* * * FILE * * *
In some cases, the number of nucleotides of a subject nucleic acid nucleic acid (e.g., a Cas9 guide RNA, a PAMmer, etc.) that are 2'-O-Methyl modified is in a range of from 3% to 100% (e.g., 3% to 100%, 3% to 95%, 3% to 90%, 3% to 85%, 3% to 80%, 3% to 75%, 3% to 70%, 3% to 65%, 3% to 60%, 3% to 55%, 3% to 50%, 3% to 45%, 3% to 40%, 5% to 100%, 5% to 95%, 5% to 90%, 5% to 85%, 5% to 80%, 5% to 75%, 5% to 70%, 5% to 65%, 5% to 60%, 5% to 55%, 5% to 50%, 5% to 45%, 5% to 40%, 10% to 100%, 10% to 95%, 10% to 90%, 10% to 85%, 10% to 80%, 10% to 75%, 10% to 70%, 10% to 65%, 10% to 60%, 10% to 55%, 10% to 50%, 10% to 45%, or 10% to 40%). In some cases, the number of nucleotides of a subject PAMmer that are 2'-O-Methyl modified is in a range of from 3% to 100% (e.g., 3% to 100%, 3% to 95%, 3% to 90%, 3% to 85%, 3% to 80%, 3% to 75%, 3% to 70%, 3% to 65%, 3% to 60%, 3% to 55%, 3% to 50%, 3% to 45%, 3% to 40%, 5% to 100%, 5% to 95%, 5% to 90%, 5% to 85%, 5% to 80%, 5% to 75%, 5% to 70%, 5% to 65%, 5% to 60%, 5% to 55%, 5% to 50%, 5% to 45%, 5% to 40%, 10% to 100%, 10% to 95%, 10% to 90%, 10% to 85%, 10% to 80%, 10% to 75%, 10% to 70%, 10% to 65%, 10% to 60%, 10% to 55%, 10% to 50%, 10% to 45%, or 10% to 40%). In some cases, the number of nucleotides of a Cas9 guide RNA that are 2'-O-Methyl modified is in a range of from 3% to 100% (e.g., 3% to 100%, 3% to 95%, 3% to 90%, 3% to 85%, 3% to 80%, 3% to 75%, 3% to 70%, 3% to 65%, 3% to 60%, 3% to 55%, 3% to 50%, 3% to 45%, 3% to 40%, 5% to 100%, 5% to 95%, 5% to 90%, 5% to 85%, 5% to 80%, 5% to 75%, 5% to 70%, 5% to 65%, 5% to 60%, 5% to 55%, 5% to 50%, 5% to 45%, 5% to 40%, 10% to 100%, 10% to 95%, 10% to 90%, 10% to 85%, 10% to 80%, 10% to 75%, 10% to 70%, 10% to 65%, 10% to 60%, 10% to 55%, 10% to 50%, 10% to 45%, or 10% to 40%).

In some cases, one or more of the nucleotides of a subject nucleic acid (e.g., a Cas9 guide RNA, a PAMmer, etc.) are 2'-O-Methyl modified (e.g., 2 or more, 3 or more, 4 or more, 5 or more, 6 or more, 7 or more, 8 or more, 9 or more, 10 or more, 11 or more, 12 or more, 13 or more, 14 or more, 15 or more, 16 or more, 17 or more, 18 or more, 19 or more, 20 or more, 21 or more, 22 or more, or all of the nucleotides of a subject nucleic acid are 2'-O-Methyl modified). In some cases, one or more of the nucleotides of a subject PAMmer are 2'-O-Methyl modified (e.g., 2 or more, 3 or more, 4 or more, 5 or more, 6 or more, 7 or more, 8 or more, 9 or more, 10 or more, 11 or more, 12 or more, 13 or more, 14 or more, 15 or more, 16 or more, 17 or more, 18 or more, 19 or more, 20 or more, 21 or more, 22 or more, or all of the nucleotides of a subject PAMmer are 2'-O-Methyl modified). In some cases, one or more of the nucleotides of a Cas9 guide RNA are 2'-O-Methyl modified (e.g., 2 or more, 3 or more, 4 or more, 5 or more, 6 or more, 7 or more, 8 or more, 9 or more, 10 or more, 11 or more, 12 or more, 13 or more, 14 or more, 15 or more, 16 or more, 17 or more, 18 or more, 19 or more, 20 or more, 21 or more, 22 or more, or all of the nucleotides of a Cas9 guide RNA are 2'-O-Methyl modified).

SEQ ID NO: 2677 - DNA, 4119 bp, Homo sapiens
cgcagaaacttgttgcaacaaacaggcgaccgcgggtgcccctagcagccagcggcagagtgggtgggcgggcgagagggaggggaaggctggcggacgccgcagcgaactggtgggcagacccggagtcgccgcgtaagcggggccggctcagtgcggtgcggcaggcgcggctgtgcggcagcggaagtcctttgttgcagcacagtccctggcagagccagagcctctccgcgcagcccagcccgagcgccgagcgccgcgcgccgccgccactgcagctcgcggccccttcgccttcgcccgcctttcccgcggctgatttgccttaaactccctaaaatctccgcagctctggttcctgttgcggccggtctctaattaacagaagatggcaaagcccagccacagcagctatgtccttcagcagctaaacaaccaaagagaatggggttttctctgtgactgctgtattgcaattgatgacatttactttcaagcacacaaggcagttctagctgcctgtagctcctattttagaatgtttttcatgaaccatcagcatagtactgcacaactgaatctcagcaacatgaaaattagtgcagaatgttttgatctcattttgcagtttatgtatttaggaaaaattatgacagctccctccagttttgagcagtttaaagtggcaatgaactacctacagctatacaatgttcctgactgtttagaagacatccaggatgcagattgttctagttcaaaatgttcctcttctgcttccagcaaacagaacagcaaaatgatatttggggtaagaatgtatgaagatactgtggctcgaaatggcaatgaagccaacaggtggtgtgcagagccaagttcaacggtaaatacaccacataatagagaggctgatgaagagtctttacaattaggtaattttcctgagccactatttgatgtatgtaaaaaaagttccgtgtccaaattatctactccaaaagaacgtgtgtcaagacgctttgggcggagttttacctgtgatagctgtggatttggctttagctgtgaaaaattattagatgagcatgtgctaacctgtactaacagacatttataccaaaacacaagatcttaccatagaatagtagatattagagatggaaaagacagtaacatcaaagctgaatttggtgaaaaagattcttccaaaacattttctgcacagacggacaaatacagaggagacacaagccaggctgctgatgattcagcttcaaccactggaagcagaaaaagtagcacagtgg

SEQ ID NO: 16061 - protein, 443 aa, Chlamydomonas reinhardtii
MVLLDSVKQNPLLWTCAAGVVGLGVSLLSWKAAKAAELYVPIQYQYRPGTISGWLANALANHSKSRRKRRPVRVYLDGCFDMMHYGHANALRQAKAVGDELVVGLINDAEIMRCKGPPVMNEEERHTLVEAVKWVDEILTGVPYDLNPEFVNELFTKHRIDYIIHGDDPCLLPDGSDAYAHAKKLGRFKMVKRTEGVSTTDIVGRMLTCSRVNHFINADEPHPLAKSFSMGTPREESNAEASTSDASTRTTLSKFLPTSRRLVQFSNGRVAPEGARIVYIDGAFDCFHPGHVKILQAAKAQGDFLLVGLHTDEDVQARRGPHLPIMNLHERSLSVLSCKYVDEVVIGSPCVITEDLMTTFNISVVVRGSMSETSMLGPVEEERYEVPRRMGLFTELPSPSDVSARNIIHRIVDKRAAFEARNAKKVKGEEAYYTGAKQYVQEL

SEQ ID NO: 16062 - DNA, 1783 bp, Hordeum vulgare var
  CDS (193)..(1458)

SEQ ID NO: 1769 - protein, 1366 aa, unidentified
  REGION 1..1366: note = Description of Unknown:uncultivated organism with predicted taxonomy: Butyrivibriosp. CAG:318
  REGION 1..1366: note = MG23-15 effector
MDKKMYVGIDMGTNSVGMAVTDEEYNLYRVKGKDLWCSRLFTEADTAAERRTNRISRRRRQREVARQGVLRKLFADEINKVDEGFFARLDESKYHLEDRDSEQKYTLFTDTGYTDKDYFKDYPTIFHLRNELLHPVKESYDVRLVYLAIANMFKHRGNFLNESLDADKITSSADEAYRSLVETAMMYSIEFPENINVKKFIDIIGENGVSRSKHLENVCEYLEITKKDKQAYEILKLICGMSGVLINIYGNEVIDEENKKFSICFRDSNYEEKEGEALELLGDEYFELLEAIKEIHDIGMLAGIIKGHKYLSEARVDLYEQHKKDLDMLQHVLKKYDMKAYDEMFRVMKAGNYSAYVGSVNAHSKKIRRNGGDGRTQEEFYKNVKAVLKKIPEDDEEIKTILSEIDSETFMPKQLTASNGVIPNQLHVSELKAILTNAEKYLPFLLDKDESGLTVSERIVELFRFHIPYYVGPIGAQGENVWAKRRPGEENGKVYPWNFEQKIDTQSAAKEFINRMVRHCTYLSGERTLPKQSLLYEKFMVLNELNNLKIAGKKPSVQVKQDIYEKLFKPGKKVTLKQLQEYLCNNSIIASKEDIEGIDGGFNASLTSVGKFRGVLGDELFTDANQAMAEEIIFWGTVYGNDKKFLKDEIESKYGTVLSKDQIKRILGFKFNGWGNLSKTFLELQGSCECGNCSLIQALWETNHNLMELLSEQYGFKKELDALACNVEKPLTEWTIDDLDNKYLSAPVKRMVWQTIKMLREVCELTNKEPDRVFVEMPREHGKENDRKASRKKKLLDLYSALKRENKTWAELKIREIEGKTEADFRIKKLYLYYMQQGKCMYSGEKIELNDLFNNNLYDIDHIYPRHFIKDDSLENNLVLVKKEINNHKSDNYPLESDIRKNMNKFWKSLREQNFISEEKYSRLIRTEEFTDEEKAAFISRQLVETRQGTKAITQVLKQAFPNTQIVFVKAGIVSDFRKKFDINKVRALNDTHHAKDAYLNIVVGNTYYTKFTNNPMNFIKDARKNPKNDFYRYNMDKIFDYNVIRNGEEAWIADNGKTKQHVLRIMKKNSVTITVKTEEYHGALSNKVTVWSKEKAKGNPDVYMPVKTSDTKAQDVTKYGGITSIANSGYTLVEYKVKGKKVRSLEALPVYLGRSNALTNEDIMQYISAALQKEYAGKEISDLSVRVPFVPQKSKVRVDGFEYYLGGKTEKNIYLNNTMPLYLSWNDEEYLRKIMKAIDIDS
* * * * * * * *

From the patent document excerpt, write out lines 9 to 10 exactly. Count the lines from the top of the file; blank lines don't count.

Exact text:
SEQ ID NO: 1769 - protein, 1366 aa, unidentified
  REGION 1..1366: note = Description of Unknown:uncultivated organism with predicted taxonomy: Butyrivibriosp. CAG:318